Last month, the Court of Justice of the European Union ruled that the concept of “communication to the public” within article 3(1) of the Copyright Directive (2001/29/EC) applied to the unauthorised re-posting of a photograph online. The decision, Land Nordrhein-Westfalen v Renckhoff (Case C-161/17) (7 August 2018) provides welcome reassurance to copyright owners that their rights to control the communication of works which they post online are protected, even if they fail to impose any explicit restrictions on the reproduction or reuse of those works.
The national proceedings, from which the reference to the CJEU arose, relate to copyright litigation against a school over the use by one of its pupils of a photograph taken by Renckhoff. The photo was downloaded from an online travel portal for a presentation that was accessible on the school website. It had originally been posted on the travel portal without any restrictive measures preventing it from being downloaded. Renckhoff claimed that he had given a right of use exclusively to the operators of the portal, and posting on the school website infringed his copyright.
The German Federal Court of Justice sought a preliminary ruling on whether “communication to the public” in article 3(1) covered the posting on one website of a photograph, which had previously been posted online without restriction and with the copyright owner’s consent on another website.
Article 3(1), which requires EU member states to provide authors with the exclusive right to authorise or prohibit any communication to the public of their works, was considered in detail by the CJEU.
A key issue in the court’s decision was whether the photograph had been communicated to a “new public”. Reference was made to Svensson (C-466/12), which concerned the communication of a work by means of a hyperlink, and decided that in order to be treated as a communication to the public, the protected work had to be communicated using specific technical means, different from those previously used or, failing that, to a new public.
The CJEU agreed with Renckhoff’s argument that Svensson did not apply, because communicating a work by a new posting (as opposed to a hyperlink) meant that the copyright owner was no longer in a position to exercise their power of control over the initial communication of that work. It held that the re-posting of a photograph on another website, other than that on which the initial communication was made, must be treated as making such a work available to a new public. The court considered that in the circumstances, the public taken into account by the copyright holder when he consented to the communication of his work on the website on which it was originally published, was composed solely of users of that site and not of the users of the website on which the work was subsequently published, or other internet users.
To hold that the new posting of a work previously communicated on another website did not constitute making available to a new public would amount to an undue exhaustion of the right to communication to the public, contrary to article 3(3) of the directive. Further, it would deprive the copyright owner of the opportunity to claim a reward for the use of their work.
The court commented that it was irrelevant that the copyright holder did not limit the ways in which internet users could use the photograph: the enjoyment and the exercise of the right provided for in article 3(1) might not be subject to any formality.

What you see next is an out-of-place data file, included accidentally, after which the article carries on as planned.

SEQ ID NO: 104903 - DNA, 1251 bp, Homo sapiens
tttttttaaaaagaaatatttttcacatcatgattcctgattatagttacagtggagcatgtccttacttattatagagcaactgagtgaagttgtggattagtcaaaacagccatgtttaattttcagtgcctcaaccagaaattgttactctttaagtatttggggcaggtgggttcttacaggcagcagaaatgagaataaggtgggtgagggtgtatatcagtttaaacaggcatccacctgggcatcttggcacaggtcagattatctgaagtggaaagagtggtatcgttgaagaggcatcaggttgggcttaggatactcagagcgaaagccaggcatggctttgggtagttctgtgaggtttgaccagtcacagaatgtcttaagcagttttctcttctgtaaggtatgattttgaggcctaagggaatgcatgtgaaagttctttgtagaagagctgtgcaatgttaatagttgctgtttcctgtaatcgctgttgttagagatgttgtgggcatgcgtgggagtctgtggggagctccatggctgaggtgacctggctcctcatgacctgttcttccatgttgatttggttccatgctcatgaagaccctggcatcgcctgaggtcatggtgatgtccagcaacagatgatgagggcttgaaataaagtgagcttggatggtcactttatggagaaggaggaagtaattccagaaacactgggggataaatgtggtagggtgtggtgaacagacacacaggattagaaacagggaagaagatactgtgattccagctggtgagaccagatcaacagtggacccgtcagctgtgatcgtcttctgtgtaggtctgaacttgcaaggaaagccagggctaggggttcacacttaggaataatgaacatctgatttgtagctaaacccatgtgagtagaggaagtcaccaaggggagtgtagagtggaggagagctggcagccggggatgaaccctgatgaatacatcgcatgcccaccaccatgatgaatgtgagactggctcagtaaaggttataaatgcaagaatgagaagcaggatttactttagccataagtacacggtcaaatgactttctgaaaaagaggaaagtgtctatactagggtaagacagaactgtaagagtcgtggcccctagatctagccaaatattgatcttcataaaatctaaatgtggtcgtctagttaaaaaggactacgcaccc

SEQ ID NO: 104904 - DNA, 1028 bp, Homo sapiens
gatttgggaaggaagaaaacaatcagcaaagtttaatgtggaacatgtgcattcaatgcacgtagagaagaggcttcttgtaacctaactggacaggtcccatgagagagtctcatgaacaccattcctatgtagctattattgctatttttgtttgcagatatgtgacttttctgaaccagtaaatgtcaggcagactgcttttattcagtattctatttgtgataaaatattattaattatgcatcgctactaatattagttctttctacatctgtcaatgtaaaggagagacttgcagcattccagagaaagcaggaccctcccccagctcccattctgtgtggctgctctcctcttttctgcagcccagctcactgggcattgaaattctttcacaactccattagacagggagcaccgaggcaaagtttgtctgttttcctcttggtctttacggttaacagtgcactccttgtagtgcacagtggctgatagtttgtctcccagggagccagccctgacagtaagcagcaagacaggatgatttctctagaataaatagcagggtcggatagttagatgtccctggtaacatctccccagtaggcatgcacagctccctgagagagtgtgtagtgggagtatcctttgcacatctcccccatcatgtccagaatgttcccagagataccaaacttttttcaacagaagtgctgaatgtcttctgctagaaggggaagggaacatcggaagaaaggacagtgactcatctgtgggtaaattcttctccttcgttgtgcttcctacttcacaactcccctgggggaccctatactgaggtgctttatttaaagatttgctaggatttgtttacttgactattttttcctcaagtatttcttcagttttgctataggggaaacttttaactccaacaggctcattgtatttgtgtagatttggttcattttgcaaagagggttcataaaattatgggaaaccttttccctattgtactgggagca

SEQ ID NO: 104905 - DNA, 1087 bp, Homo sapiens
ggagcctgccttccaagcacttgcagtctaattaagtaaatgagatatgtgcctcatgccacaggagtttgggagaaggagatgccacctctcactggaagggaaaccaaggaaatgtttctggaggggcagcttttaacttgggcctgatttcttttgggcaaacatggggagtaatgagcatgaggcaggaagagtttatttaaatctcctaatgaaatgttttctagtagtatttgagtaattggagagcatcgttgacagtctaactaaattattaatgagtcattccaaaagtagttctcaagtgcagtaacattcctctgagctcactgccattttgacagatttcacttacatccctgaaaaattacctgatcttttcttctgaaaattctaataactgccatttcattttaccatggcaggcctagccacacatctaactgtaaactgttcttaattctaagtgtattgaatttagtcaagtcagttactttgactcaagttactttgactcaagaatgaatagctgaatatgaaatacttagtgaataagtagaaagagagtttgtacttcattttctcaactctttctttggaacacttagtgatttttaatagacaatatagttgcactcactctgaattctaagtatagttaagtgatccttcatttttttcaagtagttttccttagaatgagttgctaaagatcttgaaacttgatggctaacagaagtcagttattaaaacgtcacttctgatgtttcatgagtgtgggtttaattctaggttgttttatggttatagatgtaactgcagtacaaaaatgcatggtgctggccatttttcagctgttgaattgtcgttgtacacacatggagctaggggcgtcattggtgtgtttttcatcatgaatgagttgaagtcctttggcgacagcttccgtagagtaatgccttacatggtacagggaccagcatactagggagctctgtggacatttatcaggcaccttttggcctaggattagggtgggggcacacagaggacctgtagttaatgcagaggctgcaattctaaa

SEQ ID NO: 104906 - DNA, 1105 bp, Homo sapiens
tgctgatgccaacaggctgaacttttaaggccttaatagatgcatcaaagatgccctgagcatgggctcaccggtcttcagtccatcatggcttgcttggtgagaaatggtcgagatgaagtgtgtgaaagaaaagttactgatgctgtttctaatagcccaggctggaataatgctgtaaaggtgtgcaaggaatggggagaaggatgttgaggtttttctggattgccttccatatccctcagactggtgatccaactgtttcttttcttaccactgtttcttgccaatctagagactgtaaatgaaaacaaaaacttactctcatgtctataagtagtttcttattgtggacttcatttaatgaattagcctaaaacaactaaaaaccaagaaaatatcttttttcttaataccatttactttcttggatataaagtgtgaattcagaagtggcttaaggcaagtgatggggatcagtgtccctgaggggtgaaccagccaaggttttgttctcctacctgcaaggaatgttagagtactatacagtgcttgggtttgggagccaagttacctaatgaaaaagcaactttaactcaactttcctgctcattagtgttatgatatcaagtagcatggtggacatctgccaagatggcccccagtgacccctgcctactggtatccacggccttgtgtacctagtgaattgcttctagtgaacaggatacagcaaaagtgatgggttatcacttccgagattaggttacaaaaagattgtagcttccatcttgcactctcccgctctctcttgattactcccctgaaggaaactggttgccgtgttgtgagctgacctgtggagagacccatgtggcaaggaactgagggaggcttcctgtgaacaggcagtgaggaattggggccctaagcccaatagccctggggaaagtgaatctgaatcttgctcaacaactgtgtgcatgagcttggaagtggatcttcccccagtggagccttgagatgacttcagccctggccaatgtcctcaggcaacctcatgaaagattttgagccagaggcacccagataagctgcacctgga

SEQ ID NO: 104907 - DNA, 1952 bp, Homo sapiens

Additionally, the CJEU was at pains to differentiate between the re-posting of content and using hyperlinks. It held that unlike hyperlinks, which according to its case law contributed in particular to the sound operation of the internet by enabling the dissemination of information, the publication on a website without the authorisation of the copyright holder of a work previously communicated on another website did not contribute, to the same extent, to that objective.
The decision will be welcomed by copyright holders as confirmation of their rights to control the communication of works posted online, even in scenarios where they have imposed no explicit restriction on the reuse of those works. On the other hand the decision highlights the importance of third parties obtaining consent before re-posting content, even when there are no restrictions imposed.
As the court made clear, there are practical reasons for differentiating the current scenario from the rulings concerning hyperlinks, in particular the risk of loss of control copyright owners would suffer if parties could freely re-post their works on other websites. It is arguable that this distinction successfully serves to protect against mass distribution of copyrighted content.
In this issue
- Confidence restored: internal investigations and legal privilege
- Court reforms: still an unknown quantity
- Ruled out of court?
- Uncovering the environment (1)
- Medical death: a case to answer
- Reading for pleasure
- Opinion: Kerry Trewern and Rhona McNair
- Book reviews
- Profile: Ryan McCuaig
- President's column
- Developing digital services
- People on the move
- Leading judgment
- Health check
- Open to attack
- Claims: beating the trigger
- Storage: time for digital
- GSPC: eulogy for a friend
- Relevant persons: a challenge
- New specialist land registration practice launches
- Good enough reason?
- Copyright: underpinning control
- Writing means writing
- Rent moves: two crucial hoops
- Debtor wins in policy decision
- Scottish Solicitors' Discipline Tribunal
- KIR: the time bomb explodes
- The guideline goal
- GC NextGen: a network for you?
- Your Law Society of Scotland Council members
- Public policy highlights
- Double boost for Society's AML team
- Ask Ash
- Practice rights and the impact of Brexit: working in the EU
- Acting as notary: what do I need to know?
- Engagement letters: a practical approach
- Uncovering the environment
- Paralegal pointers